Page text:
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Hollywood Celebrities Who Love to Sail

When you hear celebrities and boats mentioned in the same sentence these days, it usually involves some movie star vacationing on a megayacht in St. Barths or sitting at anchor during the Cannes Film Festival, lazing about with a cavalcade of beautiful people. Or maybe we hear about a billionaire grabbing headlines in yachting publications by getting onto a “largest boats in the world” list or bankrolling a high-end racing team (looking at you Paul Allen and Larry Ellison). But not too long ago celebrities and boats went hand in hand because, like the rest of us, the stars simply loved to go out for a sail. Here we take a look back at some of Hollywood’s finest who hoisted the main and headed out to sea.

The Great Pirate

Errol Flynn was as well known for his swashbuckling roles in pirate movies like Captain Blood, The Sea Hawk, Against All Flags and The Master of Ballantrae as he was for his real-life swashbuckling ways. An avid sailor and owner of multiple boats, Flynn had a penchant for rum and carousing aboard with all sorts of female companions. Born in Tasmania (though Jack Warner and the studio execs of the time told the public he was Irish), Flynn grew up around Hobart and Sydney harbors, going on sailing excursions that sparked a lifelong love of the sea.

In 1937 he published Beam Ends, a book recounting a seven-month sailing trip from Sydney to New Guinea with three friends aboard his first boat, Sirocco. “The Sirocco was a long, slender splinter of a boat, and over 50 years old when, in a moment of aberration, I bought her, and with three companions proposed to sail out of Sydney Harbor to the South Seas,” he wrote. “Forty-four feet at the water line, cutter rigged, she was never intended to sail outside the smooth waters of the harbor. After seven months we got there, surprising ourselves more than anyone, for the only truly remarkable thing about our seamanship was our appalling lack of it. If I took a sextant and ‘shot the sun,’ my calculation of our position would, as often as not, locate the ship anywhere from the South Pole to the middle of the Sahara Desert.”

How Flynn got his hands on the first Sirocco is up for debate. One story claims the boat was purchased for him by his mother. Another holds that she was bought for him by his father, and Flynn himself claimed he won her in a rum-fueled card game. His second Sirocco—which despite sailing superstition he named simply Sirocco, and not Sirocco II—was a 75ft ketch built by John Alden and launched in 1929. Flynn took possession of her in 1938.

His final boat was the 118ft schooner Zaca, built in 1930 by the Nunes Brothers Boat and Ways Co. in Sausalito, California. After serving as an auxiliary plane-guard ship standing ready to rescue the crews of any planes downed nearby in San Francisco Bay during World War II, she was consigned to civilian life and picked up by Flynn in 1946. In conjunction with the Scripps Institute of Oceanography, Flynn, his father (a professor of biology at the University of Tasmania), and a number of other marine biologists and friends took part in a research cruise, with Zaca playing host. Together they sailed from California to the east coast of Mexico and on into the Caribbean and West Indies, studying marine life along the way. Flynn produced a short film about the trip, titled Cruise of the Zaca.

Part one:

Unfortunately, in later life Flynn became in many ways a parody of the characters he portrayed on the silver screen in his heyday. He lived aboard Zaca, sailing the Western Mediterranean, drinking heavily and squandering his fortune on various failed investments. In 1959, broke and ruined by drink, Flynn went to Vancouver, British Columbia, to renegotiate the lease of Zaca, and while there suffered a fatal heart attack. (The doctors noted he was also suffering badly from cirrhosis of the liver.)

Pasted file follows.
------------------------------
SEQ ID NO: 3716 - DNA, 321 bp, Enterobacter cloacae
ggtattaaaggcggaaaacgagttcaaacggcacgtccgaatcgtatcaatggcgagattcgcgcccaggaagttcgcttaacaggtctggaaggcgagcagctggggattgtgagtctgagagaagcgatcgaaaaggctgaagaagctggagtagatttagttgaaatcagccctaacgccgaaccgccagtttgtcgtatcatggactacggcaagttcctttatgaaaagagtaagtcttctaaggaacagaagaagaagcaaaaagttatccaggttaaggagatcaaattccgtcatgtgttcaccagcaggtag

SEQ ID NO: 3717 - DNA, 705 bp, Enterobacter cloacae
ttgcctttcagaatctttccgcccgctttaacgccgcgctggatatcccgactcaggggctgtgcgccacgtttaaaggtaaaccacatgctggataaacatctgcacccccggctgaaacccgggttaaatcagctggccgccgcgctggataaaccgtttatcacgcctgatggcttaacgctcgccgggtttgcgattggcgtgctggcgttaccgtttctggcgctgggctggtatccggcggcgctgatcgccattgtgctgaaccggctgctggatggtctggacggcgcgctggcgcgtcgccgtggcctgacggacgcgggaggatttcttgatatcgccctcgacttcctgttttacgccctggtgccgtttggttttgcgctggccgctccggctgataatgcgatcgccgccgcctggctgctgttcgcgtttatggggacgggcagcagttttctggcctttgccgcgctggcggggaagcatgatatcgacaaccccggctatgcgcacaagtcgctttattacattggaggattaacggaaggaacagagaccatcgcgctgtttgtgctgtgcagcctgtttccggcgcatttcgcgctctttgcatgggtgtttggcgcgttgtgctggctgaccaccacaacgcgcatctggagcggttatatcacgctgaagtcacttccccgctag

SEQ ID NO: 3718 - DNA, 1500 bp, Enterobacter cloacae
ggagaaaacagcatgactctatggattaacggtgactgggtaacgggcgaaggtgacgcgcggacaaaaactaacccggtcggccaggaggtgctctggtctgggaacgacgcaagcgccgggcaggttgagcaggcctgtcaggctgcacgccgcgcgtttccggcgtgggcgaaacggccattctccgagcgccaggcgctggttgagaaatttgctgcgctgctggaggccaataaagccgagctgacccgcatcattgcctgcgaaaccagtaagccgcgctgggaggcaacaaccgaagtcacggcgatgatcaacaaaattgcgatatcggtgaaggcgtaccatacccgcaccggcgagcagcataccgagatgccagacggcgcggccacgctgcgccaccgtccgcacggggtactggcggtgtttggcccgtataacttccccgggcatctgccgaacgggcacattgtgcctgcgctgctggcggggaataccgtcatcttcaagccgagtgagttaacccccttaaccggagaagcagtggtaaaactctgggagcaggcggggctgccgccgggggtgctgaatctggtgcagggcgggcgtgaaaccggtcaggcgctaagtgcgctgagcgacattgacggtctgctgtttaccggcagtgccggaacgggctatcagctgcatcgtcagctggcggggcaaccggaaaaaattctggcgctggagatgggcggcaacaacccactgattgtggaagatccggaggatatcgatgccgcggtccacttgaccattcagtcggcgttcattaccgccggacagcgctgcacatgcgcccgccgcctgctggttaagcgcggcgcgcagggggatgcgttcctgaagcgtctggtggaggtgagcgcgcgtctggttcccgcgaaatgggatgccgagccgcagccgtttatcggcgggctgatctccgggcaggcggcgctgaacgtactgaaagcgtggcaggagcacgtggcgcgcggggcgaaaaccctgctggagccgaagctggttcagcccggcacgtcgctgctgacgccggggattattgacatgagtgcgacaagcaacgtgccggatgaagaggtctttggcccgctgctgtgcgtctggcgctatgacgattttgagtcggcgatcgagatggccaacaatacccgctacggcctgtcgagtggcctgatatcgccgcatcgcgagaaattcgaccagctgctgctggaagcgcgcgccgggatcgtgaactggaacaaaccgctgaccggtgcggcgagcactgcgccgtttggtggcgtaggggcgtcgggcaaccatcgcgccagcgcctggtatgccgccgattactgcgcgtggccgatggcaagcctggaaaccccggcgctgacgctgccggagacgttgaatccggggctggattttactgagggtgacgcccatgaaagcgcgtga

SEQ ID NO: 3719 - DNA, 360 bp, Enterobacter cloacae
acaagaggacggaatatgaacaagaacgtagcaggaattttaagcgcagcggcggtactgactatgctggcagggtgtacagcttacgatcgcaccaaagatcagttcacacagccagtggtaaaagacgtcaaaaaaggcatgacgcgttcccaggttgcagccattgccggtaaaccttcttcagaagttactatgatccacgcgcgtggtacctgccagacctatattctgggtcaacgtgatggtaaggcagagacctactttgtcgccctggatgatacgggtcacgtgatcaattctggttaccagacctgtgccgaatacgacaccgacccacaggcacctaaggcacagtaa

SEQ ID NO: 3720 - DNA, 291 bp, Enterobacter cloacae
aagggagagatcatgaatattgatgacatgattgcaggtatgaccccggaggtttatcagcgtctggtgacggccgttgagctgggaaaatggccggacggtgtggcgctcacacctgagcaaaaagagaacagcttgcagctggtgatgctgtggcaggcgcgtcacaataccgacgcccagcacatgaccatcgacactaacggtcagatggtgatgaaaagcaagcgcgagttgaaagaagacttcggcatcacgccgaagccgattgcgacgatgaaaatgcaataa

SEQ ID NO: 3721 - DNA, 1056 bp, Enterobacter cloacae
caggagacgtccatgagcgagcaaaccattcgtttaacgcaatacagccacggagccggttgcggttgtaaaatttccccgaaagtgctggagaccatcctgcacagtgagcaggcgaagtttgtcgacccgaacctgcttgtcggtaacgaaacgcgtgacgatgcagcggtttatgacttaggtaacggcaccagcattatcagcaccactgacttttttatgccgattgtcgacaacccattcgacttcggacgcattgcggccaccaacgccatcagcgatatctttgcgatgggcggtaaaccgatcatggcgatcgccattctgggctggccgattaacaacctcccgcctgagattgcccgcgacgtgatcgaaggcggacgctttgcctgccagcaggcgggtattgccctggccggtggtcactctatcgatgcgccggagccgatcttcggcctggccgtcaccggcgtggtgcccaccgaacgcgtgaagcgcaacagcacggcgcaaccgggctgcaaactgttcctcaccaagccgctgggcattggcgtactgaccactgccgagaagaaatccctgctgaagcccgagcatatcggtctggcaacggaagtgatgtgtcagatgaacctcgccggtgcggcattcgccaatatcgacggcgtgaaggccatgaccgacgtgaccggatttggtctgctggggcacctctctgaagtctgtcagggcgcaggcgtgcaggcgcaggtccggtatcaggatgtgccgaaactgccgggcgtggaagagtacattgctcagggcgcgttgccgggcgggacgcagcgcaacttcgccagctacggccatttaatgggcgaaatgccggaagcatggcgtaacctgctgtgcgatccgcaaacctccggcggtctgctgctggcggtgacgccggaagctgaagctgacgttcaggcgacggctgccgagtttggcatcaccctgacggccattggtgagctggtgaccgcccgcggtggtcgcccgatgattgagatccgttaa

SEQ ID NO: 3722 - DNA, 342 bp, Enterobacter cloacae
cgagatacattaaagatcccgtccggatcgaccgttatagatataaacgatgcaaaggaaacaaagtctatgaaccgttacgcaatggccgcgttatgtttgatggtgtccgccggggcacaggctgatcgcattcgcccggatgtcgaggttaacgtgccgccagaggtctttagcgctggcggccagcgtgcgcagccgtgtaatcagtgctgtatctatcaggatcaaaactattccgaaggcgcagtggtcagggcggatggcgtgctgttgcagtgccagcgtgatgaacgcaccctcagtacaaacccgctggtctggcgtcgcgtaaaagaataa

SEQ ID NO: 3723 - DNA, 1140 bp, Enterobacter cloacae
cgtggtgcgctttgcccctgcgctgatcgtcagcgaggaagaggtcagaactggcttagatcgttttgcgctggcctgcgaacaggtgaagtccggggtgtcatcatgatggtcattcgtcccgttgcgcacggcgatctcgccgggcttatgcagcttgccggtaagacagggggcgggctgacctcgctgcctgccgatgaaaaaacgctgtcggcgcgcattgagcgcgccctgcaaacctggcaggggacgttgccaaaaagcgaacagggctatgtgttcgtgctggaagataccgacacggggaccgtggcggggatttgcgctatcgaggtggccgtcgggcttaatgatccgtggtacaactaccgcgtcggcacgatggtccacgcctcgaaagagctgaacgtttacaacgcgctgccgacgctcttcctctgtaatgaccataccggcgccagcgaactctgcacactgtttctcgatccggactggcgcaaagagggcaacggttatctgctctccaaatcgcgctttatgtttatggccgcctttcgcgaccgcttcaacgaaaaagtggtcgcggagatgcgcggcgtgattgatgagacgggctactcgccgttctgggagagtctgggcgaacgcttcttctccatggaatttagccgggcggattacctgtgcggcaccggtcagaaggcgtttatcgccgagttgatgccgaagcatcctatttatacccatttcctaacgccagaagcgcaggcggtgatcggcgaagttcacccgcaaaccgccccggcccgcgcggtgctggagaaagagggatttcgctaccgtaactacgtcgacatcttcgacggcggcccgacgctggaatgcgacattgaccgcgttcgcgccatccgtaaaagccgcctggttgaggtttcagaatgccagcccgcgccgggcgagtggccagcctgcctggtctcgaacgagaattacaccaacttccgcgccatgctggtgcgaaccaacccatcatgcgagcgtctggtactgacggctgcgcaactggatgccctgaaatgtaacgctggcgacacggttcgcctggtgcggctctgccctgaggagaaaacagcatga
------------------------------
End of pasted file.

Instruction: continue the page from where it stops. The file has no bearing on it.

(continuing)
In his autobiography, My Wicked, Wicked Ways, Flynn wrote, “The only real wives I have ever had have been my sailing ships.”

Bogie and Bacall

In terms of Hollywood power couples over the years, Humphrey Bogart and Lauren Bacall certainly hold a prominent place on the list. And given Bogart’s passion for sailing and the sea, it is only fitting that the two met on the set of the 1944 adaptation of Ernest Hemingway’s To Have and Have Not. At the time, Bogart was one of the biggest film stars in the world, coming off starring roles in The Maltese Falcon (1941) and Casablanca (1942), while it was Bacall’s first go at movies. She was nervous, he cracked jokes to calm her down, and the rest is history.

After their marriage in 1945, Bogart bought a 55ft schooner named Santana from fellow actor Dick Powell and combined his two true passions—his beautiful bride and sailing. In his book, Bogart: In Search of my Father, the actor’s son Stephen talked of his father’s two loves. “While most people know that Bogie and Bacall had a great love affair, probably fewer know about my father’s other great love—sailing,” Stephen wrote. “The sea was my father’s sanctuary”

Bogart didn’t love his boat just for the occasional cruise around California’s Newport Harbor or as a place to have drinks and smoke cigarettes with the boys in peace—though that certainly did happen. He also raced her, and the boat’s galley is still adorned with commemorative plaques from the 1950 and 1951 San Clemente Island races and the 1953 Voyagers Yacht Club Channel Islands Race. For more on Bogart’s love of sailing, we would recommend Sailing With Bogie: A Memoir of Humphrey Bogart’s Passion for the Sea, by Larry Dudley, who raced alongside the great actor.

Late Night Sailing

When Stephen Colbert was growing up in Charleston, South Carolina, all he wanted to do was sail. He grew up on the harbor, he saw the boats go by, he wanted in. But a damaged eardrum and a protective mother kept him off the water. So he moved on, did a stint on a little television program called The Daily Show, had his own show, The Colbert Report, and earlier this year took the reins from David Letterman as host of The Late Show.